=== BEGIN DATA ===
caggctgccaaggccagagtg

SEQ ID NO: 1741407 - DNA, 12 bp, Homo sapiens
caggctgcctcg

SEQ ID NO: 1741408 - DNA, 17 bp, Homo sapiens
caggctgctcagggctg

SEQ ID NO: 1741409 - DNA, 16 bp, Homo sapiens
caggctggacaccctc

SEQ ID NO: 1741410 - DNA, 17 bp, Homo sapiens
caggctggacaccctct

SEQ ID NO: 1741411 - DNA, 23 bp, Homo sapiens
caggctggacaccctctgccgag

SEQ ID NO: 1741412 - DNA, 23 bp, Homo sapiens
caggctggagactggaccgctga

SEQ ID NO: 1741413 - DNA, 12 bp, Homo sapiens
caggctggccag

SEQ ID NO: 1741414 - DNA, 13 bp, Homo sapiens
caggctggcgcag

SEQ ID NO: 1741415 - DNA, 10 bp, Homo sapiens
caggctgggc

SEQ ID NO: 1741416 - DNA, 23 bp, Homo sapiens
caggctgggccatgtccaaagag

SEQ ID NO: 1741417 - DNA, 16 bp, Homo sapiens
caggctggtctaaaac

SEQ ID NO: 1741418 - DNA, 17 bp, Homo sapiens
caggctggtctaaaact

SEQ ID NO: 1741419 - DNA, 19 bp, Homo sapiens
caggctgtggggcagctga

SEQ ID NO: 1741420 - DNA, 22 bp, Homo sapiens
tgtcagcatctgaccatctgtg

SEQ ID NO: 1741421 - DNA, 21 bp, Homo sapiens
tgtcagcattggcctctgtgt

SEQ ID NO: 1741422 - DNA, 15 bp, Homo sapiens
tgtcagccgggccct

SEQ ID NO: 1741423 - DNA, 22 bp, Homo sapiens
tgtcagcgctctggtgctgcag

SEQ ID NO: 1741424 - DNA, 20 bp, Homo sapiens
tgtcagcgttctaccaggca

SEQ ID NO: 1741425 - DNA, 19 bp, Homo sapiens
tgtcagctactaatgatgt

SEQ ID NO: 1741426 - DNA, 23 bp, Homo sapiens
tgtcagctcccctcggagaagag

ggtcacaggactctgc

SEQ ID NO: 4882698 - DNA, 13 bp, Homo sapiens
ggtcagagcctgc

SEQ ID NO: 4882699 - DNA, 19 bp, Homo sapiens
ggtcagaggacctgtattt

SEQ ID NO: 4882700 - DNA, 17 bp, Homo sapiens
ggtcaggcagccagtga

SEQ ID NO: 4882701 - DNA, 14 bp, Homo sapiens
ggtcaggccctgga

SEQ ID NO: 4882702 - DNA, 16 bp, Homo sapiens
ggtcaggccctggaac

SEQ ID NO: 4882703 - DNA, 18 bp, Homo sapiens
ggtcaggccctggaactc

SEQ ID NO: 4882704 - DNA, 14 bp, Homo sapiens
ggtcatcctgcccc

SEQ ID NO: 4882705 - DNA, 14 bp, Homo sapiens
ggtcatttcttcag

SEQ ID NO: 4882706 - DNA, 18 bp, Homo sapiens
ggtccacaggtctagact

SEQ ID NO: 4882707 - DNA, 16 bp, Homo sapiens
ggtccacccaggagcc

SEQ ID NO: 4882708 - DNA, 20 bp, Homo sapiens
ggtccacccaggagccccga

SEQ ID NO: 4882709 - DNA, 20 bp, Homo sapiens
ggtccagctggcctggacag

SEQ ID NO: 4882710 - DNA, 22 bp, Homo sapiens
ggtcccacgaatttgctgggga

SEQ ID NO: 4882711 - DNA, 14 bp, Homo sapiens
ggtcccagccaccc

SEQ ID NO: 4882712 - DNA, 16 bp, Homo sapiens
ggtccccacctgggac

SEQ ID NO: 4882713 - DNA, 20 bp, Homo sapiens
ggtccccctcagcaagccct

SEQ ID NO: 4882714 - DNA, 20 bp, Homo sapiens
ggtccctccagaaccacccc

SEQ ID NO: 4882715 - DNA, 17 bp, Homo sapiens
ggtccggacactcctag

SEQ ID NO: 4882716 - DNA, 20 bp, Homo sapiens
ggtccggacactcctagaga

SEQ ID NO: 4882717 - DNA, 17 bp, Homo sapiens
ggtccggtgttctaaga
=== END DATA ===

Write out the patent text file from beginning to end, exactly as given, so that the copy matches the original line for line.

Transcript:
caggctgccaaggccagagtg

SEQ ID NO: 1741407 - DNA, 12 bp, Homo sapiens
caggctgcctcg

SEQ ID NO: 1741408 - DNA, 17 bp, Homo sapiens
caggctgctcagggctg

SEQ ID NO: 1741409 - DNA, 16 bp, Homo sapiens
caggctggacaccctc

SEQ ID NO: 1741410 - DNA, 17 bp, Homo sapiens
caggctggacaccctct

SEQ ID NO: 1741411 - DNA, 23 bp, Homo sapiens
caggctggacaccctctgccgag

SEQ ID NO: 1741412 - DNA, 23 bp, Homo sapiens
caggctggagactggaccgctga

SEQ ID NO: 1741413 - DNA, 12 bp, Homo sapiens
caggctggccag

SEQ ID NO: 1741414 - DNA, 13 bp, Homo sapiens
caggctggcgcag

SEQ ID NO: 1741415 - DNA, 10 bp, Homo sapiens
caggctgggc

SEQ ID NO: 1741416 - DNA, 23 bp, Homo sapiens
caggctgggccatgtccaaagag

SEQ ID NO: 1741417 - DNA, 16 bp, Homo sapiens
caggctggtctaaaac

SEQ ID NO: 1741418 - DNA, 17 bp, Homo sapiens
caggctggtctaaaact

SEQ ID NO: 1741419 - DNA, 19 bp, Homo sapiens
caggctgtggggcagctga

SEQ ID NO: 1741420 - DNA, 22 bp, Homo sapiens
tgtcagcatctgaccatctgtg

SEQ ID NO: 1741421 - DNA, 21 bp, Homo sapiens
tgtcagcattggcctctgtgt

SEQ ID NO: 1741422 - DNA, 15 bp, Homo sapiens
tgtcagccgggccct

SEQ ID NO: 1741423 - DNA, 22 bp, Homo sapiens
tgtcagcgctctggtgctgcag

SEQ ID NO: 1741424 - DNA, 20 bp, Homo sapiens
tgtcagcgttctaccaggca

SEQ ID NO: 1741425 - DNA, 19 bp, Homo sapiens
tgtcagctactaatgatgt

SEQ ID NO: 1741426 - DNA, 23 bp, Homo sapiens
tgtcagctcccctcggagaagag

ggtcacaggactctgc

SEQ ID NO: 4882698 - DNA, 13 bp, Homo sapiens
ggtcagagcctgc

SEQ ID NO: 4882699 - DNA, 19 bp, Homo sapiens
ggtcagaggacctgtattt

SEQ ID NO: 4882700 - DNA, 17 bp, Homo sapiens
ggtcaggcagccagtga

SEQ ID NO: 4882701 - DNA, 14 bp, Homo sapiens
ggtcaggccctgga

SEQ ID NO: 4882702 - DNA, 16 bp, Homo sapiens
ggtcaggccctggaac

SEQ ID NO: 4882703 - DNA, 18 bp, Homo sapiens
ggtcaggccctggaactc

SEQ ID NO: 4882704 - DNA, 14 bp, Homo sapiens
ggtcatcctgcccc

SEQ ID NO: 4882705 - DNA, 14 bp, Homo sapiens
ggtcatttcttcag

SEQ ID NO: 4882706 - DNA, 18 bp, Homo sapiens
ggtccacaggtctagact

SEQ ID NO: 4882707 - DNA, 16 bp, Homo sapiens
ggtccacccaggagcc

SEQ ID NO: 4882708 - DNA, 20 bp, Homo sapiens
ggtccacccaggagccccga

SEQ ID NO: 4882709 - DNA, 20 bp, Homo sapiens
ggtccagctggcctggacag

SEQ ID NO: 4882710 - DNA, 22 bp, Homo sapiens
ggtcccacgaatttgctgggga

SEQ ID NO: 4882711 - DNA, 14 bp, Homo sapiens
ggtcccagccaccc

SEQ ID NO: 4882712 - DNA, 16 bp, Homo sapiens
ggtccccacctgggac

SEQ ID NO: 4882713 - DNA, 20 bp, Homo sapiens
ggtccccctcagcaagccct

SEQ ID NO: 4882714 - DNA, 20 bp, Homo sapiens
ggtccctccagaaccacccc

SEQ ID NO: 4882715 - DNA, 17 bp, Homo sapiens
ggtccggacactcctag

SEQ ID NO: 4882716 - DNA, 20 bp, Homo sapiens
ggtccggacactcctagaga

SEQ ID NO: 4882717 - DNA, 17 bp, Homo sapiens
ggtccggtgttctaaga